On 1 October 1944, around 500 prisoners were taken from the Neuengamme concentration camp to Lerbeck, where they were forced to work in a so-called front-line workshop in the newly established satellite camp there. A subsidiary of the Klöckner group had set up a new workshop for repairing aircraft engines in the factory grounds of Weber, a concrete company. The men had to carry out construction and renovation work in the grounds, and they later worked in the repair workshop as well.
The prisoners were housed in huts in an unused Wehrmacht compound. A small farm road named Pfahlweg, which was lined with barbed wire, ran between the camp and the prisoners’ places of work. 100 to 120 prisoners who died in the camp were buried in the cemetery in Lerbeck.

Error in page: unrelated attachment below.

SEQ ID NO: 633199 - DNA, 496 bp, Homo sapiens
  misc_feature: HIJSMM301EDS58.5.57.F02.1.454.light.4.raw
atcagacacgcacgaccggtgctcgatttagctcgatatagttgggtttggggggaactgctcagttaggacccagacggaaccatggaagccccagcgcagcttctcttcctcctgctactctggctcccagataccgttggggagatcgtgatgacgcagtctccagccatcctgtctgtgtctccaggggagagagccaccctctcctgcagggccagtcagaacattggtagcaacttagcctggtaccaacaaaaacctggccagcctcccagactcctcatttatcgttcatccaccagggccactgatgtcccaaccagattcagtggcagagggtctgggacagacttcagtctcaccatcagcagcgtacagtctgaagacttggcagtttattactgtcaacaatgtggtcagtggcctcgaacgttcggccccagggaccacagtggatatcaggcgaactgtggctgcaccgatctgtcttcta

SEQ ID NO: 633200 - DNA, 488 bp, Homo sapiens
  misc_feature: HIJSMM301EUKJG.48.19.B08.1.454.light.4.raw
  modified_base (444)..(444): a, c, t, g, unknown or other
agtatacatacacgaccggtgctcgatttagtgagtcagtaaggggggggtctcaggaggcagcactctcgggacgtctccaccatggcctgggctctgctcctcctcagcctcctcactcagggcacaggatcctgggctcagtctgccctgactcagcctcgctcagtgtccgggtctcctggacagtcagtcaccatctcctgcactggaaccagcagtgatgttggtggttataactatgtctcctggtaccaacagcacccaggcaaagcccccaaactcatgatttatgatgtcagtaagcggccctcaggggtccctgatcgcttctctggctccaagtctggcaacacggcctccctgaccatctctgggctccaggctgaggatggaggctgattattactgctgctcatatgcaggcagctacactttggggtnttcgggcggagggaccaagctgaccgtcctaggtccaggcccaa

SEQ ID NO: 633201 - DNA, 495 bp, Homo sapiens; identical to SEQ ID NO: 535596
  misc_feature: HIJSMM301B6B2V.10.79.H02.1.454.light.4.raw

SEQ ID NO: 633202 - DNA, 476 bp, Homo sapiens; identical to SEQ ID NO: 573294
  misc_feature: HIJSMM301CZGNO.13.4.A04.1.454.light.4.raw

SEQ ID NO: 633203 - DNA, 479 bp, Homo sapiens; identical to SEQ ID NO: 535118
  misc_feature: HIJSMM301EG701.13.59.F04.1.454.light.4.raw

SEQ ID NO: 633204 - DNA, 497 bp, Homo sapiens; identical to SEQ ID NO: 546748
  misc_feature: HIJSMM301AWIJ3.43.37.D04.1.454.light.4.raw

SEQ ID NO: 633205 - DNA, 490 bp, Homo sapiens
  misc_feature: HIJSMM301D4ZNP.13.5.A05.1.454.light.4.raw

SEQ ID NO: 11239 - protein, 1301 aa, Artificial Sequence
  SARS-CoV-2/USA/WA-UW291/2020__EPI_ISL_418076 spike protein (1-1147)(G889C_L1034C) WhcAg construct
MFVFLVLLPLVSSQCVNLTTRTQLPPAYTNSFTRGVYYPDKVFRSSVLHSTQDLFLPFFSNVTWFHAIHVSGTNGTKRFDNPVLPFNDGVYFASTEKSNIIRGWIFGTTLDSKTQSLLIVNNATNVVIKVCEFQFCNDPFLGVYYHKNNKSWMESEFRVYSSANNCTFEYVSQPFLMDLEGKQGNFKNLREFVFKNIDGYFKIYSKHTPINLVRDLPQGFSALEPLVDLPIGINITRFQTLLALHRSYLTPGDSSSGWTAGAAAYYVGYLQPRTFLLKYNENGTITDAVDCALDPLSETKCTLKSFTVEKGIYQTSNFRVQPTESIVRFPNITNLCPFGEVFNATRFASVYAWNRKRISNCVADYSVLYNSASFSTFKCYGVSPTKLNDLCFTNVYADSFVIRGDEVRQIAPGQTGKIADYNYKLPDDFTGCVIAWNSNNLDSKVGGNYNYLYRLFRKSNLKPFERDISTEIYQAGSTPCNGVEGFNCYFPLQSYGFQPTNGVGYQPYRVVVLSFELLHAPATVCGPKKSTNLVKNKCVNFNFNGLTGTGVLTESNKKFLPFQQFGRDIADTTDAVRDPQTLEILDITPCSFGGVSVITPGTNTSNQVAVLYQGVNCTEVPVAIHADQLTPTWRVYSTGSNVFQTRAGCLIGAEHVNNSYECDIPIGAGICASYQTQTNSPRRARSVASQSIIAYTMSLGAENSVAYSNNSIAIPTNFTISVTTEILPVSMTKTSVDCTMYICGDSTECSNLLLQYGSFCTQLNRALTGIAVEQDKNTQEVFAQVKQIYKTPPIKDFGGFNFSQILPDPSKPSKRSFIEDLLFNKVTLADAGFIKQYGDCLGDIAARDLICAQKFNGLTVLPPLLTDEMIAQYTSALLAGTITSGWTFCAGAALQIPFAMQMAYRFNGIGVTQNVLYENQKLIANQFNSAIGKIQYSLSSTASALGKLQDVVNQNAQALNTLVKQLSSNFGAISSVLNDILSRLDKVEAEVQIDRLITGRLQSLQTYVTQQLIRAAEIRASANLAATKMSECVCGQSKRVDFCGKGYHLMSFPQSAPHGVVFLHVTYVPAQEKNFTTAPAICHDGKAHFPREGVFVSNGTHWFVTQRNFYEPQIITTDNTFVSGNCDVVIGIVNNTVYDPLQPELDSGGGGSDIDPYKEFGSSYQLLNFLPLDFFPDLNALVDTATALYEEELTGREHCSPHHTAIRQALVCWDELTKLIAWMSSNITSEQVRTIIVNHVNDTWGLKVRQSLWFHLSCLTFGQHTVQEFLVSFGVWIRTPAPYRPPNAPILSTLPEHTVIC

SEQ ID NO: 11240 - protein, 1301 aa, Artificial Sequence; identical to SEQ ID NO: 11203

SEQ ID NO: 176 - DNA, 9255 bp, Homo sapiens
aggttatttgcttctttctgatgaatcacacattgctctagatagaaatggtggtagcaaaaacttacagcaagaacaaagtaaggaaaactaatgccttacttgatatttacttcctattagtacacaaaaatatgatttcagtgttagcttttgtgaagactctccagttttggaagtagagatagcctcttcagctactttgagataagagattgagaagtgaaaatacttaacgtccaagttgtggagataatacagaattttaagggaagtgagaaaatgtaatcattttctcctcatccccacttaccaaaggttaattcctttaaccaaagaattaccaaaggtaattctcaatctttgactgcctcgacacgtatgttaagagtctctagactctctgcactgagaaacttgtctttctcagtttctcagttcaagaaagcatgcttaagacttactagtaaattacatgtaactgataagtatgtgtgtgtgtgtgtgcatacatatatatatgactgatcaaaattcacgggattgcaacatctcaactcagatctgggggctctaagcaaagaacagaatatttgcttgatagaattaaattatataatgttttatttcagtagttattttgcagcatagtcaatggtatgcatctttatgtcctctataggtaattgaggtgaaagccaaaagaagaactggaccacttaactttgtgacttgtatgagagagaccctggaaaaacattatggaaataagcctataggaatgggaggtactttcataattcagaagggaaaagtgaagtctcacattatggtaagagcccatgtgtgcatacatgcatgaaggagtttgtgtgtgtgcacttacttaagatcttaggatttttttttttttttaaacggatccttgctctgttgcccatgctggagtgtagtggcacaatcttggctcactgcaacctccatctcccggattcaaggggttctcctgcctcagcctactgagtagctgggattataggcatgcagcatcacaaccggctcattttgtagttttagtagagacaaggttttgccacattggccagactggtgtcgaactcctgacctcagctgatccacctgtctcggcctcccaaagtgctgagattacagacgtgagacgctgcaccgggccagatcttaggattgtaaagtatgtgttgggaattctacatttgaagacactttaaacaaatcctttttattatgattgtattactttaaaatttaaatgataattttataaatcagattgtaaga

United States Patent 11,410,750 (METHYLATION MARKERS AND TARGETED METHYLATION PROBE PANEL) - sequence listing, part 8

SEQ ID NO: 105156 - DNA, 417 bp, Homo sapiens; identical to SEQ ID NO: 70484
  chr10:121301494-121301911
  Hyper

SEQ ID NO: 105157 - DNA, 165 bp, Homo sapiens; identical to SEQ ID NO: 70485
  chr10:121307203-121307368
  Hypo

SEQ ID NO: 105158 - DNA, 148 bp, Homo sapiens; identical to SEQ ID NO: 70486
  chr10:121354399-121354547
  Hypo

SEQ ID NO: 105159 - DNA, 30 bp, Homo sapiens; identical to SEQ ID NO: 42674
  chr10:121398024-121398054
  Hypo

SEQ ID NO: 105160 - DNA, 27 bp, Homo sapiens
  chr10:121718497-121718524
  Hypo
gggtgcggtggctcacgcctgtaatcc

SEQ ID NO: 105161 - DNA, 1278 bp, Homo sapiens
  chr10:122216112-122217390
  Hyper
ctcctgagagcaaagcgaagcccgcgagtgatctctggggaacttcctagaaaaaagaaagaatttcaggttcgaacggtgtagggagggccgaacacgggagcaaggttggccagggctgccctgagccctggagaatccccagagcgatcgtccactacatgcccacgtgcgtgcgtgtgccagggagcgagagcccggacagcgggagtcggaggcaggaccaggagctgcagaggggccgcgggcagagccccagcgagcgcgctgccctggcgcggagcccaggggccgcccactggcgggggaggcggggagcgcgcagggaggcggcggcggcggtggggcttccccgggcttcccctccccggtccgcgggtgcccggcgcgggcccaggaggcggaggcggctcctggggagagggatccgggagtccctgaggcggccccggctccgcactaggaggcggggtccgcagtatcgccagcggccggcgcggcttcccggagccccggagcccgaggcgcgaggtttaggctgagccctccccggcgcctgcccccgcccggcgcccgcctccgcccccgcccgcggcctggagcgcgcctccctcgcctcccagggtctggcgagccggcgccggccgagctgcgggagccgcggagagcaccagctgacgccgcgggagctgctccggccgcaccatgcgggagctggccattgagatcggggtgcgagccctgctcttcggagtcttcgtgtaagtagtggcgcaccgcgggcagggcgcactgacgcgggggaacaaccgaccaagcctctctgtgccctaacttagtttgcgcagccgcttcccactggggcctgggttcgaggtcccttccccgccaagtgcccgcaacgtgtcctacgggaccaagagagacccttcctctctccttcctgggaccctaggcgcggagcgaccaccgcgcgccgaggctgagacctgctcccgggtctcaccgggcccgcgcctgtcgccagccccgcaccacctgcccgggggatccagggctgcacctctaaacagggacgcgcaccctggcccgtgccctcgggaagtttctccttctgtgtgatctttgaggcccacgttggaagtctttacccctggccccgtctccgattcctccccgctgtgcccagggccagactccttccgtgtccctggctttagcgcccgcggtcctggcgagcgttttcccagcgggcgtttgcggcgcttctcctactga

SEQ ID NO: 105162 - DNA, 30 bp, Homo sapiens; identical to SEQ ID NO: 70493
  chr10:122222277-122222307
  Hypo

The Lerbeck satellite camp was evacuated on 1 April 1945. The prisoners were taken on various transports via the Schandelah, Fallersleben and Helmstedt-Beendorf satellite camps and finally arrived at the “reception camp” in Wöbbelin in mid-April. They were liberated there by American troops on 2 May.
The camp commander was SS-Oberscharführer Emanuel Eichler.
1 October 1944 to 1 April 1945
Number of prisoners
Kind of work
Aircraft engine repairs
Slave labour on behalf of
Bense, Jongerius, Weber (Lerbeck); Klöckner